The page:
“Enterprise,” Brian Parks’ New Play, Skewers Insanity, Inc.

Derrick Peterson and Alyssa Simon take corporate action in Enterprise. Photo: Ian W. Hill.

Enterprise is a new play by Brian Parks, which Ian W. Hill is directing at The Brick (579 Metropolitan Ave., Brooklyn, NY) and presenting through his company, Gemini CollisionWorks. Running through Feb. 18, this is a great opportunity to see two cutting-edge theater artists at work.

Parks’ Americana Absurdum was famously one of the main reasons that the New York International Fringe Festival (better known as FringeNYC) was launched. (For a bio on Parks, his plays and more, click here.) While Hill has created many theatrical spectacles with Gemini CollisionWorks, his most recent collaboration with Parks, The Golfer, won five New York Innovative Theatre Awards last year.

Enterprise presents a charmingly dizzy view of the corporate world. The kind of world where you think, OK, it’s a nice place to visit, but I wouldn’t want to live here. If surviving in it is even an option.

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Sanders (Fred Backus), Landry (Adam Files), Weaver (Derrick Peterson) and Owens (Alyssa Simon) are intrepid executives who know they can save their company. Their generic-sounding names and suits are perhaps what keeps them from falling into voids of dread and uncertainty. Outside their sphere of robust commerce, there are mysterious “black sites” — where unpleasant things, best not discussed, happen. This is a world in which most things assumed to be constant may not be any longer. Dozens of short, dreamlike scenes flash in and out of the darkness — flawlessly held together by Berit Johnson’s lighting and Hill’s own groovy sound design.

What is sane in Corporate America?

The characters realize that a budget committee announcement will bring on disaster — one they can prevent by going upstairs and warning the Chairman. Soon after, they trudge onstage, in shock, all having wet their pants (costumes are by Kaitlyn Day — they sustain a lot of abuse). Now, despite concerns about their lingering odor, they pledge to sit down in their high-rise office and write a proposal to restore their fortunes. It’s uphill work, involving a thesaurus and other grammatical tools. It also brings great sadness and suspense. One scene ends with an explanation of what an “ellipsis” is. Amid mounting stress, Sanders buys a new suit, prompting his colleagues to accuse him of being a corporate spy. They bully him so much, he threatens to jump out the window — all the while explaining gravitational acceleration, which is 9.8 meters per second. The nicest thing that Owens can say to this is “Don’t kill yourself in metric.”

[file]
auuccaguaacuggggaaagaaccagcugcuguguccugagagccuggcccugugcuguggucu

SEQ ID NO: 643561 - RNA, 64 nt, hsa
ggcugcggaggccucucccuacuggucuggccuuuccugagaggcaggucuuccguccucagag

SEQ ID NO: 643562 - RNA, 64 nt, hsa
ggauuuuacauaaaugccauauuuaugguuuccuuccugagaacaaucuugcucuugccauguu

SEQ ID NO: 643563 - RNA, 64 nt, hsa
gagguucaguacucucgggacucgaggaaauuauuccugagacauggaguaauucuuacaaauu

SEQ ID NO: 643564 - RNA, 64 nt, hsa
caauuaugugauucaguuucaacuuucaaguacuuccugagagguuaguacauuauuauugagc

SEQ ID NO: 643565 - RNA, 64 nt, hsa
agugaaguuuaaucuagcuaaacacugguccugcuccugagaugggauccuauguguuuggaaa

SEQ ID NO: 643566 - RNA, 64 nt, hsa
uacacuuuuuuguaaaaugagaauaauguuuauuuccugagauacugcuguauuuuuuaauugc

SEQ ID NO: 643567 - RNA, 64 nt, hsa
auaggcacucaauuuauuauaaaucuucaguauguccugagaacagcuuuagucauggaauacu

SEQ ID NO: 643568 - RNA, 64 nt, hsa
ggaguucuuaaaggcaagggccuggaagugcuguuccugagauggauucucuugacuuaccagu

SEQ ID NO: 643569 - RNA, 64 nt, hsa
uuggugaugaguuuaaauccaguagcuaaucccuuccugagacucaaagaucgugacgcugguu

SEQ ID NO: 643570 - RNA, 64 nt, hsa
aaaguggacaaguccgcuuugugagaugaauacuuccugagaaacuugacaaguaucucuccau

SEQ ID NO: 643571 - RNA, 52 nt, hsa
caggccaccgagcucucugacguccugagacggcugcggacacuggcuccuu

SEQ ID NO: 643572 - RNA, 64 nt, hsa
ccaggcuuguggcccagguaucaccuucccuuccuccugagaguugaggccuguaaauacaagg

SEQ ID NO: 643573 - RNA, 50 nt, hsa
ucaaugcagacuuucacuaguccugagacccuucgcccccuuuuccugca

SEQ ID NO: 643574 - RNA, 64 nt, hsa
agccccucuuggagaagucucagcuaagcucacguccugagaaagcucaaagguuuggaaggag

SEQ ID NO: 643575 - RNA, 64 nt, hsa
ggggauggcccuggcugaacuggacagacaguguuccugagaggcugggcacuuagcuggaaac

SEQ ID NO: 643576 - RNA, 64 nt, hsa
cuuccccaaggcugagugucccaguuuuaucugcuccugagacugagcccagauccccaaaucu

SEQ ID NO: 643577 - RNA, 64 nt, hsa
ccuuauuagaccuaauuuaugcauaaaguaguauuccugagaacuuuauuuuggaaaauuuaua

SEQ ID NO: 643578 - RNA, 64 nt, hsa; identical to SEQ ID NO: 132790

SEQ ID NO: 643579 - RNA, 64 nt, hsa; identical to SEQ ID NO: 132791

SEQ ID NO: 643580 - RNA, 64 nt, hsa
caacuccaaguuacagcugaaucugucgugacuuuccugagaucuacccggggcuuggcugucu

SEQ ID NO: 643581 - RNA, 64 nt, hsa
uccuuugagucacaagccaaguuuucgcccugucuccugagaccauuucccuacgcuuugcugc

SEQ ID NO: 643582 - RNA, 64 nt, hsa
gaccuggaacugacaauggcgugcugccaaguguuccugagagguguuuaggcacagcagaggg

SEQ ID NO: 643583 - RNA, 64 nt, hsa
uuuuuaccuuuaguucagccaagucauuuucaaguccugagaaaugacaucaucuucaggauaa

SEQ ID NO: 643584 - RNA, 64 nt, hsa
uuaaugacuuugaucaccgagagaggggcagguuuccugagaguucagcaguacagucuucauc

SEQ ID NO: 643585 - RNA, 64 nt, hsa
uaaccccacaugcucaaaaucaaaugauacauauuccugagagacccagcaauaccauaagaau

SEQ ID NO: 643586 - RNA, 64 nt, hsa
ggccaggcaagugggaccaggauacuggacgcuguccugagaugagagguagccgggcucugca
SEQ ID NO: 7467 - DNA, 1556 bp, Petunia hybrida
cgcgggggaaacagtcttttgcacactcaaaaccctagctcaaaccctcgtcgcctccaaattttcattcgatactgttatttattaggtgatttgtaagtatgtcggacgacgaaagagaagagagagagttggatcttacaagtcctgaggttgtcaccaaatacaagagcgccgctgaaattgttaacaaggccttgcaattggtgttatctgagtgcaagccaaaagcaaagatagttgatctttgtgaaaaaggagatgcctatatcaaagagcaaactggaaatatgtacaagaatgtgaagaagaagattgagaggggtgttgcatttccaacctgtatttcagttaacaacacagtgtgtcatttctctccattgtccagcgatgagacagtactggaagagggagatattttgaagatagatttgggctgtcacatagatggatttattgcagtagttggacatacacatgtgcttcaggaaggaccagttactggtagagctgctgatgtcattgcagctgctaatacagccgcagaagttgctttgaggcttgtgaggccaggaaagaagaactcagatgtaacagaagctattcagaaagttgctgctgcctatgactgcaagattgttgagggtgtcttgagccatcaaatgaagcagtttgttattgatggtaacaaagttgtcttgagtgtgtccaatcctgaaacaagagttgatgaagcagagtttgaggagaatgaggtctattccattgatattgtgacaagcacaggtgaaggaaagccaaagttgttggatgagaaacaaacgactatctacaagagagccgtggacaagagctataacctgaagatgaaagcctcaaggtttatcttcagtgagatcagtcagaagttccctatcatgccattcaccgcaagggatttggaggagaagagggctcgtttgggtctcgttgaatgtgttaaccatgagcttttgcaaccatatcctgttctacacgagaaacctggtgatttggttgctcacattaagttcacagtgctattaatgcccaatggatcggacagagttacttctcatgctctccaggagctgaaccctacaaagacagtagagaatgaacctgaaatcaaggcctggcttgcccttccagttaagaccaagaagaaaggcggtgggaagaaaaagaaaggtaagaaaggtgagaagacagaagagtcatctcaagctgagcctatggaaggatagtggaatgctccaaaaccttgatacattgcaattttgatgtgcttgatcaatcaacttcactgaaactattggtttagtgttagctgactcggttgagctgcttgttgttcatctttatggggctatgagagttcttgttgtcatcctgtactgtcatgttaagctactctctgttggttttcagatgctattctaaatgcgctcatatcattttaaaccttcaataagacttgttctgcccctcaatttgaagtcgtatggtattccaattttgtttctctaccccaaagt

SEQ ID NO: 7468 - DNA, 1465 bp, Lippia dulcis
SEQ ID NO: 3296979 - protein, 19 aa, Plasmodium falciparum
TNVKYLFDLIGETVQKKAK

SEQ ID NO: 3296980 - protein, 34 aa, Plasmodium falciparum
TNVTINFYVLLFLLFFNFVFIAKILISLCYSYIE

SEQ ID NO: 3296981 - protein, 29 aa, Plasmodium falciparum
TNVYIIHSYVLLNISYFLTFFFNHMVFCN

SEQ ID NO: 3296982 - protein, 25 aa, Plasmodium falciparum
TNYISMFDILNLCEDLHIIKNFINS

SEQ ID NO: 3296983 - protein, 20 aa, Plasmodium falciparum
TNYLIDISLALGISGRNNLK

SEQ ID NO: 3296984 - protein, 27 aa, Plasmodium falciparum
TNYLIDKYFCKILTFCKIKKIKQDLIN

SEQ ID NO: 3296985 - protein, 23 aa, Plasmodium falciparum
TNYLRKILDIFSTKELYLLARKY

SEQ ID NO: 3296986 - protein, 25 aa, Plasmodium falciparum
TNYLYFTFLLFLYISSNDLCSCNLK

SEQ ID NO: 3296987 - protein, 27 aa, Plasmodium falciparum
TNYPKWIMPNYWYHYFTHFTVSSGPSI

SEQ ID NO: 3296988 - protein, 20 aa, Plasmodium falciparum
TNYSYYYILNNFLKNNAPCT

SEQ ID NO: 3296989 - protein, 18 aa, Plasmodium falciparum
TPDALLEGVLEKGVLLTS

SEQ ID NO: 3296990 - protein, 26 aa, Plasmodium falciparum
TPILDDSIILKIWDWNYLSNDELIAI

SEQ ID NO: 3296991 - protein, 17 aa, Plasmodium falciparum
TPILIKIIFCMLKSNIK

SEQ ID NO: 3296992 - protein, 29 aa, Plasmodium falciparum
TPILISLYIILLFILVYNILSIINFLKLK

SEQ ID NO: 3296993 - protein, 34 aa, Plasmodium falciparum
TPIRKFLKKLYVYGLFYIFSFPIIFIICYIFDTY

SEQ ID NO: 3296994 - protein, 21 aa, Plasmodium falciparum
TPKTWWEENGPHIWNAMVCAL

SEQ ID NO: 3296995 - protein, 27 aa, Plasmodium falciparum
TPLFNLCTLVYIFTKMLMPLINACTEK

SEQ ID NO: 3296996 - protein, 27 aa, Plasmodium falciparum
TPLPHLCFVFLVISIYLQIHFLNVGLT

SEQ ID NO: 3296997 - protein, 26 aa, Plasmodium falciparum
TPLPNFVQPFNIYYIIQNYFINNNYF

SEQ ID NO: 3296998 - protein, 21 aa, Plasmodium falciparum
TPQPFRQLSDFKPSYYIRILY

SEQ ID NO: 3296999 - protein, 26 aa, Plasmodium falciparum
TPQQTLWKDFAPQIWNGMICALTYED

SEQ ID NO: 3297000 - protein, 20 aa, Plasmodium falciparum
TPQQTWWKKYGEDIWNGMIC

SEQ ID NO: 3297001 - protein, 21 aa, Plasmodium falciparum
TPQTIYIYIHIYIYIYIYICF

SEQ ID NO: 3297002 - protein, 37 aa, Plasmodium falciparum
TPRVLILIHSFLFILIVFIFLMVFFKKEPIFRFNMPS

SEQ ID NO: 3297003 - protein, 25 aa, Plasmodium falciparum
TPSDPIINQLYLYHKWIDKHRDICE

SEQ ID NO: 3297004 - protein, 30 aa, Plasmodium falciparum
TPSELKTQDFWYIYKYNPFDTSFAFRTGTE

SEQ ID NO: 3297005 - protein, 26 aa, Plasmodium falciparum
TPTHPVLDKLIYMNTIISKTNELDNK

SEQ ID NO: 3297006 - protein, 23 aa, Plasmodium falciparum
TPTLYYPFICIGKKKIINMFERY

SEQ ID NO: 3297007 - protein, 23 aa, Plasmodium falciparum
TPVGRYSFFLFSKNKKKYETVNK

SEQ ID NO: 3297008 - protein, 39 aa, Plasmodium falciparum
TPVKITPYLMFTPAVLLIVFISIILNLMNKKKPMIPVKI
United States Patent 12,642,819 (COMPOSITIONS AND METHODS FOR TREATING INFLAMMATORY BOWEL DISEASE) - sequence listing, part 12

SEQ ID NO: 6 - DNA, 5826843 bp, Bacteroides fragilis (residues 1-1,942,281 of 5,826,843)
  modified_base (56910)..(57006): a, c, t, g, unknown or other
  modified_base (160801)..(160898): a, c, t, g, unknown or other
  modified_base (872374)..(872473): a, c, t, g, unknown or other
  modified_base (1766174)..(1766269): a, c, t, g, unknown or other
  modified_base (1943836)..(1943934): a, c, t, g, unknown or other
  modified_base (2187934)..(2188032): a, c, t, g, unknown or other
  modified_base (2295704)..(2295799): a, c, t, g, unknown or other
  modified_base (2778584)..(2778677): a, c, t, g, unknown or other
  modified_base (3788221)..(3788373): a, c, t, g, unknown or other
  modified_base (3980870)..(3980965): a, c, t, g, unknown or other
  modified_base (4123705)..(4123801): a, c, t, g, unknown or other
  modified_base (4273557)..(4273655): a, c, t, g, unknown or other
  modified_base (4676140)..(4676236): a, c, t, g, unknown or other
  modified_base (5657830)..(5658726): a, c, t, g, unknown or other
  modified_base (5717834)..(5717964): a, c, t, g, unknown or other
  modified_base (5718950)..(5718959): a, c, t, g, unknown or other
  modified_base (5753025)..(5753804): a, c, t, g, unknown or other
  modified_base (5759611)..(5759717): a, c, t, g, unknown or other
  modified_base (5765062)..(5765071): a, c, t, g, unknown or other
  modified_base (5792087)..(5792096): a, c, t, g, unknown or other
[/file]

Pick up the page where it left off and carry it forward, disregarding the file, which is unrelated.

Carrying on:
The remainder of the play compassionately sketches the pathos of working in such an environment. A newly hopeful Sanders admits that he has many flaws, all contained in a nicely-organized memo. One may feel watched all the time in this place — because one is. The cast and director work overtime to give us a bewildering array of things to think about. These days, in corporate America, we are indeed skilled if we can focus on what is sane and sustainable.

For tickets to Enterprise, click here.

And now, 5 questions no one has ever asked Brian Parks:

What’s the most perceptive question anyone has asked you about your work?

That I seem to sometimes have a thing for both leprechauns and talking wolverines. I’ve had to promise myself no more wolverines, though there is a well-read badger in one of my new pieces. (No mammals other than humans appear in Enterprise.)

What’s the most idiotic question anyone has asked you about your work?

Given the somewhat absurd nature of most of my plays, there’s really no such thing as a true idiotic question about them — the idiocy is more in the plays themselves!

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What’s the weirdest question anyone has asked you about your work?

I suppose “Where do you get your play ideas?” But weird only because the question supposes that the plays come from something as important as an idea, when they’re instead more odd impulses combined with having some screwball fun with language.

What would happen if the government tried to run the US like a business?

It would certainly need a fresh name. Some might argue for “USA, Inc.” Although I think “USA Ltd.” has a nicer sound.

I love your epic tales of the consequences of human actions. To paraphrase a question asked of Rex Tillerson at his confirmation hearing, is there anything so unethical to get revenue that a company should not do it?

Obviously companies should not be unethical to get revenue. The difficulty is that they often get to define “ethical” for themselves. Odd, though, how even the least ethical companies often still provide their employees with nice lunchrooms.

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Bonus question:

You have done tremendous work to invigorate avant-garde theater. What is your next theatrical venture?

There’s a new production of my play The House that will happen in the fall at the Human Race Theatre Company in Dayton. The same play will also be done in a small tour in the UK, and is being adapted for production in Germany. Hopefully it will happen in NYC at some point down the road. And I’ve got late drafts of a few new pieces. Not sure which of those will happen next. Also, I’d here like to thank Ian Hill and Berit Johnson for having Gemini CollisionWorks mount Enterprise, the Brick Theater for having us, and actors Alyssa Simon, Derrick Peterson, Adam Files and Fred Backus for being so great with all the play’s speed and weirdness.